From a California statutory law perspective: "'Financial abuse' of an elder occurs when a person or entity does any of the following:
(1) Takes, secretes, appropriates, or retains real or personal property of an elder or dependent adult to a wrongful use or with intent to defraud, or both.
(2) Assists in taking, secreting, appropriating, or retaining real or personal property of an elder or dependent adult to a wrongful use or with intent to defraud, or both."
(Welfare & Instit. Code section 15610.30(a).)
California law also provides that: "A person or entity shall be deemed to have taken, secreted, appropriated, or retained property for a wrongful use if, among other things, the person or entity takes, secretes, appropriates or retains possession of property in bad faith.
(1) A person or entity shall be deemed to have acted in bad faith if the person or entity knew or should have known that the elder or dependent adult had the right to have the property transferred or made readily available to the elder or dependent adult or to his or her representative.
(2) For purposes of this section, a person or entity should have known of a right specified in paragraph (1) if, on the basis of the information received by the person or entity or the person or entity's authorized third party, or both, it is obvious to a reasonable person that the elder or dependent adult has a right specified in paragraph (1)."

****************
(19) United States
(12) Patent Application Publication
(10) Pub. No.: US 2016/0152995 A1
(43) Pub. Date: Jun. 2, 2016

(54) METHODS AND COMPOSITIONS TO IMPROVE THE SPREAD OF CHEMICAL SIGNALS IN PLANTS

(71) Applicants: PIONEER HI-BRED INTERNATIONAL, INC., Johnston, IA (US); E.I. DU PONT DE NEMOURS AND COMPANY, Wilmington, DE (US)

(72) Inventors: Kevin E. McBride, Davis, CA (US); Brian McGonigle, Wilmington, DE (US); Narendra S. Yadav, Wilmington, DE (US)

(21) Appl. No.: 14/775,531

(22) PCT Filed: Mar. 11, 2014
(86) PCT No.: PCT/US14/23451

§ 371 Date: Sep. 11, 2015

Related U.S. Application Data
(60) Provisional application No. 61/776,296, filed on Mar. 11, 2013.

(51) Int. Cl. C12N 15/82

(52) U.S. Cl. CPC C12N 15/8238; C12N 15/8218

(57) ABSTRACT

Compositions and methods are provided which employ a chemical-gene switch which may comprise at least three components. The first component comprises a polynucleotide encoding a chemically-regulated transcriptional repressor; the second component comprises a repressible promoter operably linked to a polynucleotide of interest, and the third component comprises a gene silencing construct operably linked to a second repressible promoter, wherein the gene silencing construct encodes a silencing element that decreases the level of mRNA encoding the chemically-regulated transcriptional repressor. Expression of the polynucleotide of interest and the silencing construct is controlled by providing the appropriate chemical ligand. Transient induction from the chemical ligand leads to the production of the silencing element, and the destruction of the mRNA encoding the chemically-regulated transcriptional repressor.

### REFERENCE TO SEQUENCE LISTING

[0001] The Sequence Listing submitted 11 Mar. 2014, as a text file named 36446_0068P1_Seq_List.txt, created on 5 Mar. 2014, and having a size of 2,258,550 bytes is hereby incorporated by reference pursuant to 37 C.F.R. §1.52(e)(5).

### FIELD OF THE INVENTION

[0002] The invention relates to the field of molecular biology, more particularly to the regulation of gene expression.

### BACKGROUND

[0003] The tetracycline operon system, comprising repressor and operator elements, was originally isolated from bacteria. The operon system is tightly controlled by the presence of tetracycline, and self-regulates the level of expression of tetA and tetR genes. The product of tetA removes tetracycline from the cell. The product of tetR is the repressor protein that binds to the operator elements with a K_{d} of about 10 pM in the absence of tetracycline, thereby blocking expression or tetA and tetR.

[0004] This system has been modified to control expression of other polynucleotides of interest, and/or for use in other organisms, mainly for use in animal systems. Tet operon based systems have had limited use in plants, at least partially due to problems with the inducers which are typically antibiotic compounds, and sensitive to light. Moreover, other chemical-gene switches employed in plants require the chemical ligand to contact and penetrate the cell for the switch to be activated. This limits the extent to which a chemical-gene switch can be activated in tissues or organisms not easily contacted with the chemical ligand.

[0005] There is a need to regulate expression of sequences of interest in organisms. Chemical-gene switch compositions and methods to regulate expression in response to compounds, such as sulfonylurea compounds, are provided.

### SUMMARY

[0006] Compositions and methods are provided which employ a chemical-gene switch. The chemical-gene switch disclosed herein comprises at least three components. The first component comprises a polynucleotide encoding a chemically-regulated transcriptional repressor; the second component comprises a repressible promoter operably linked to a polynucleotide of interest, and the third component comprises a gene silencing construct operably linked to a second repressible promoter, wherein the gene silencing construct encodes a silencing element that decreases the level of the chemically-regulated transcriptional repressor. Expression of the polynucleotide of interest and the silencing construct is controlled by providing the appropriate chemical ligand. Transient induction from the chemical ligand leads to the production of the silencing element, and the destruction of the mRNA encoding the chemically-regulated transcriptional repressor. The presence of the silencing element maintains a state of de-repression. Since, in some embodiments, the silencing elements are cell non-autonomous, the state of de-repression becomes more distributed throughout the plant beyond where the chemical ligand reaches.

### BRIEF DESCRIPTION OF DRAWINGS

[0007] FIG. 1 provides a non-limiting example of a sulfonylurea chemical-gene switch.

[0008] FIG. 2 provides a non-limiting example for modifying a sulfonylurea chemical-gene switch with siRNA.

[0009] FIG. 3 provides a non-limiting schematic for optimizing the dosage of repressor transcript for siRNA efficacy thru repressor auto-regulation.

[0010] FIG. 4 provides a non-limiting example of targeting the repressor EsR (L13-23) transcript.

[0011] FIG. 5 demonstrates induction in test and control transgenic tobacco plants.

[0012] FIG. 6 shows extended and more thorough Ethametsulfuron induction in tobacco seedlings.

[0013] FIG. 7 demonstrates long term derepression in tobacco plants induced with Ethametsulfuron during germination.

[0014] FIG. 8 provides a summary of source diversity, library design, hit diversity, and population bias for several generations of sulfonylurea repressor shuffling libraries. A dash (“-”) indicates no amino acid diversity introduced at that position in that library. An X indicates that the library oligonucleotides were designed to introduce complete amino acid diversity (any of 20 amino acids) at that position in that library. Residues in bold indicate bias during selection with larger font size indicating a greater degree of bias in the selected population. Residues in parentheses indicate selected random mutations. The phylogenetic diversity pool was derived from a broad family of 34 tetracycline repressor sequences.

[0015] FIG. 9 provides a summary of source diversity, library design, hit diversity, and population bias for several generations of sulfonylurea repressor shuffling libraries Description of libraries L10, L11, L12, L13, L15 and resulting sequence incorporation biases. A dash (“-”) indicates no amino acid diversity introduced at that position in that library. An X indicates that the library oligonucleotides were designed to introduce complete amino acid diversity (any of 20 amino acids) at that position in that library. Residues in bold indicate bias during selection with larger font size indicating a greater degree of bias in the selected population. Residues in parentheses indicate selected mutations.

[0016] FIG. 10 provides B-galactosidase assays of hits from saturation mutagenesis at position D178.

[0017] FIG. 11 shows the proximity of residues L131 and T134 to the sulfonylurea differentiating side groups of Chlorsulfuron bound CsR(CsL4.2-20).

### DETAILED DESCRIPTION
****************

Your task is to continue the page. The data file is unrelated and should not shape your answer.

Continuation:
(Welfare and Institutions Code section 15610.30(b).)
Examples of conduct that may constitute financial elder abuse include, without limitation:
Forging the signature of an elderly person;
Getting an older person to sign a deed, will, or power of attorney through deception, coercion, or undue influence;
Fraud, deception, trickery, false pretense, or dishonest acts or statements for financial gain; and
Scams, including telemarketing scams against the elderly.